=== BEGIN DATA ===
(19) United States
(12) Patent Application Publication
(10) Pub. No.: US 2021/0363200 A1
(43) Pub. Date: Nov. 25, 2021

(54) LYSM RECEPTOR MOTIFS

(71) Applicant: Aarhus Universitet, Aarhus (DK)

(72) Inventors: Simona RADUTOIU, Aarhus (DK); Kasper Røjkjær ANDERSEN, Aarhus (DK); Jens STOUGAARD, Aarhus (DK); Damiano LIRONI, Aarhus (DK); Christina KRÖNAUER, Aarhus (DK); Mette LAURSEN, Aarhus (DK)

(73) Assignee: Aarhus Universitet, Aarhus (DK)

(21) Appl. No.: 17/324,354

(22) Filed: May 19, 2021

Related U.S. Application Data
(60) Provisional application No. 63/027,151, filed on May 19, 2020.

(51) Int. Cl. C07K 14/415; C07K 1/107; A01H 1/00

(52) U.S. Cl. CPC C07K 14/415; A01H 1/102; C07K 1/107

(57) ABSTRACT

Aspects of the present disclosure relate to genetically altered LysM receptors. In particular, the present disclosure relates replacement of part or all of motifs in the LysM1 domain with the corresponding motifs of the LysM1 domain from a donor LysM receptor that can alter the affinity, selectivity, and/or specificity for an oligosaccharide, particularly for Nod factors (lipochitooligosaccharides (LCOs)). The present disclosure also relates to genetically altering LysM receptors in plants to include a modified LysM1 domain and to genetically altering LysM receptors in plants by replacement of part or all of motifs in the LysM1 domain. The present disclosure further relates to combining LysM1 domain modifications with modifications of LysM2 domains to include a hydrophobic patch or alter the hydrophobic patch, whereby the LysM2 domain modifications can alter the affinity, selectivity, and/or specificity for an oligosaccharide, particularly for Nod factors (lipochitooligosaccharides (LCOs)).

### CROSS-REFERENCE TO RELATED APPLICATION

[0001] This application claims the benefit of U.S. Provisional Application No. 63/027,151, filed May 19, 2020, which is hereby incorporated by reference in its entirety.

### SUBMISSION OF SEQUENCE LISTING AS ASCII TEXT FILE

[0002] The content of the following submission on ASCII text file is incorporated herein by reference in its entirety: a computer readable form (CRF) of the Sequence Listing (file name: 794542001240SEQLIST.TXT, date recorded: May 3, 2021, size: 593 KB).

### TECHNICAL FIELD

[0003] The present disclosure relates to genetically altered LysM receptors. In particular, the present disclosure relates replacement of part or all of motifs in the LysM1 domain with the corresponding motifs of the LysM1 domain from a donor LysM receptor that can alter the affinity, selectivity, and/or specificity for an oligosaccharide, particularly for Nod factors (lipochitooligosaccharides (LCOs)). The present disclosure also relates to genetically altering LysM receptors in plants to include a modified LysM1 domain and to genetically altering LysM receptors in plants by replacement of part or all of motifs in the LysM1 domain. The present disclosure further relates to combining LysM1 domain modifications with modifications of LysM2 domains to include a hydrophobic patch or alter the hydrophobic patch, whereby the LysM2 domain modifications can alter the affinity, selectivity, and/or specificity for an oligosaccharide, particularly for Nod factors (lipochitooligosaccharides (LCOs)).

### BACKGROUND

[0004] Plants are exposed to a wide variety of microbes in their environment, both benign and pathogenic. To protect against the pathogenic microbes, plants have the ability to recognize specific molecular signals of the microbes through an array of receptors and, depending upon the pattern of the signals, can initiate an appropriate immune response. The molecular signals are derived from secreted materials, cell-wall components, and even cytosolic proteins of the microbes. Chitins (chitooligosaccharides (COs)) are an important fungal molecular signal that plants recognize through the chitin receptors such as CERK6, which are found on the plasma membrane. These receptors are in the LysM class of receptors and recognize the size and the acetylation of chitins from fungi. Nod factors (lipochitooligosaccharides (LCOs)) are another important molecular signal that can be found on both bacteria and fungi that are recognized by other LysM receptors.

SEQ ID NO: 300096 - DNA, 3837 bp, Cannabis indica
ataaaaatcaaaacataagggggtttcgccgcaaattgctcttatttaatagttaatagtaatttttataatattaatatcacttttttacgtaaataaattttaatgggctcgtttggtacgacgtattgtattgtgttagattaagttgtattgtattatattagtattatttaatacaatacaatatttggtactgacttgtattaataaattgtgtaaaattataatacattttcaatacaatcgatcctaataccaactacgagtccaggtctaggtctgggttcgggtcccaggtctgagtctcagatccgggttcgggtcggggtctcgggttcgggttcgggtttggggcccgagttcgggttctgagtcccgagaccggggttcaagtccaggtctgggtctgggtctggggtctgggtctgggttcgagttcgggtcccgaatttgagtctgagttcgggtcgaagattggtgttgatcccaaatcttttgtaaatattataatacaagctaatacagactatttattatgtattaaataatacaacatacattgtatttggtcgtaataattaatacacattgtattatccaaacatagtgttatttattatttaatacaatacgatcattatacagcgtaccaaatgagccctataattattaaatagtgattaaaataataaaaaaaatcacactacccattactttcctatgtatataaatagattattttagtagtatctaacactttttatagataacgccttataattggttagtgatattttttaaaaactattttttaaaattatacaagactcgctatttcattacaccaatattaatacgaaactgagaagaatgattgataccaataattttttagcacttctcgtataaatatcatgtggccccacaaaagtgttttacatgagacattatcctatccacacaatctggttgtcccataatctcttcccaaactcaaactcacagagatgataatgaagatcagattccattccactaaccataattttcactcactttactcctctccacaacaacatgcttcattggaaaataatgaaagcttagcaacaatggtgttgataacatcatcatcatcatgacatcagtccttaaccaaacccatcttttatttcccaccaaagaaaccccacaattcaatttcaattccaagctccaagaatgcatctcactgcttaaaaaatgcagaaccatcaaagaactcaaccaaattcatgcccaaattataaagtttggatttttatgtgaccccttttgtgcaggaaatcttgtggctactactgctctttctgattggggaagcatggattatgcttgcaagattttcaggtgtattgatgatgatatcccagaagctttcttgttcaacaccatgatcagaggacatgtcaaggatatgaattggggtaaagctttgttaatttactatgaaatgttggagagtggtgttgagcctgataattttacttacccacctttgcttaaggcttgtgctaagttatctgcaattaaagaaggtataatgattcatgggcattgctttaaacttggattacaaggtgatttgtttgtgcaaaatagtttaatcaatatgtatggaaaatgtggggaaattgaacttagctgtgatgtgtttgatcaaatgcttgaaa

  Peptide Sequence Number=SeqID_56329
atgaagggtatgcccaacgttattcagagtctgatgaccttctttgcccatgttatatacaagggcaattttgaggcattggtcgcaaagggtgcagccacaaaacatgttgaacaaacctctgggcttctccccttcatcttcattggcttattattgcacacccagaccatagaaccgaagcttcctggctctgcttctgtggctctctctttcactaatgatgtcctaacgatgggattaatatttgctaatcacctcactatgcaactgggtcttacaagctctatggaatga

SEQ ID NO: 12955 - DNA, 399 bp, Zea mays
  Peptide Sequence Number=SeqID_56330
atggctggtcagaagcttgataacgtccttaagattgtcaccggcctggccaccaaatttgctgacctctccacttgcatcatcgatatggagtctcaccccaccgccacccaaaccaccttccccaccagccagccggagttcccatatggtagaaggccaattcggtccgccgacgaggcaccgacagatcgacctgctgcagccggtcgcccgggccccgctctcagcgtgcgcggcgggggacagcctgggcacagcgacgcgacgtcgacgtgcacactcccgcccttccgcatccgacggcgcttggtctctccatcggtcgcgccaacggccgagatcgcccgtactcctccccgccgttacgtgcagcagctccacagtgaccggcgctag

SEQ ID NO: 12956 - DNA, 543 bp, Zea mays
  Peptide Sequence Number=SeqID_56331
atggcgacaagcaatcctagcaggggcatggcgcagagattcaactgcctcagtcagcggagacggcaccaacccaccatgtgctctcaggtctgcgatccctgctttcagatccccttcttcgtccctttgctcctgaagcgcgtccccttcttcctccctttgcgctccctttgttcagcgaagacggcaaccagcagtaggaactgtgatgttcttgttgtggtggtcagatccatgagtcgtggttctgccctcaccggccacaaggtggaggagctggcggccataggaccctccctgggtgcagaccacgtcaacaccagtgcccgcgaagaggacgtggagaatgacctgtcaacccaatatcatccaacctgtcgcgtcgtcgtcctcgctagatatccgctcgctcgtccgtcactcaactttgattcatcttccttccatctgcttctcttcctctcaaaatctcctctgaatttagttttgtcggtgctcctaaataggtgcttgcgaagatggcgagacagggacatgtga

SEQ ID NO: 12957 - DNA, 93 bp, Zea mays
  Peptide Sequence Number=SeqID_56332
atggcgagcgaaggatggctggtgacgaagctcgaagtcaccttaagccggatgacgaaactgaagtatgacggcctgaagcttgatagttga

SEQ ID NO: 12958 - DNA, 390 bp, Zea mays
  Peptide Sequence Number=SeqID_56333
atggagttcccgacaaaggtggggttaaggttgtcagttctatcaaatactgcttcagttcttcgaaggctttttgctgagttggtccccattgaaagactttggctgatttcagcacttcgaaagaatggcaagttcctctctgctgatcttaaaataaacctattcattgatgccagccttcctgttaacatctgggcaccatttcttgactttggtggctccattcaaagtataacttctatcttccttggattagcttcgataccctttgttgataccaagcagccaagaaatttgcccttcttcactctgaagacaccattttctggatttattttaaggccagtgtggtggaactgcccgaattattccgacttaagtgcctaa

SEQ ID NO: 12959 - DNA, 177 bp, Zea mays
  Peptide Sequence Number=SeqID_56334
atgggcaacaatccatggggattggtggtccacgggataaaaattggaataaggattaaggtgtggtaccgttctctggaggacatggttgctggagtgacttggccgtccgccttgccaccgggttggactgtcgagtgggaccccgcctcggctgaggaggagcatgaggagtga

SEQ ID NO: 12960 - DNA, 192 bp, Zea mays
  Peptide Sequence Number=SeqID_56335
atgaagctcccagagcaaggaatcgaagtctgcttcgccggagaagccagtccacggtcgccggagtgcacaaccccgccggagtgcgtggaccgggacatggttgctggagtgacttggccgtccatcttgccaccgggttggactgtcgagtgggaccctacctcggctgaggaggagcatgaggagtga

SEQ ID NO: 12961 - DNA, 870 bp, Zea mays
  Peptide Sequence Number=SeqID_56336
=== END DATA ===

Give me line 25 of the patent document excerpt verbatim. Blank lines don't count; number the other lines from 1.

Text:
SEQ ID NO: 300096 - DNA, 3837 bp, Cannabis indica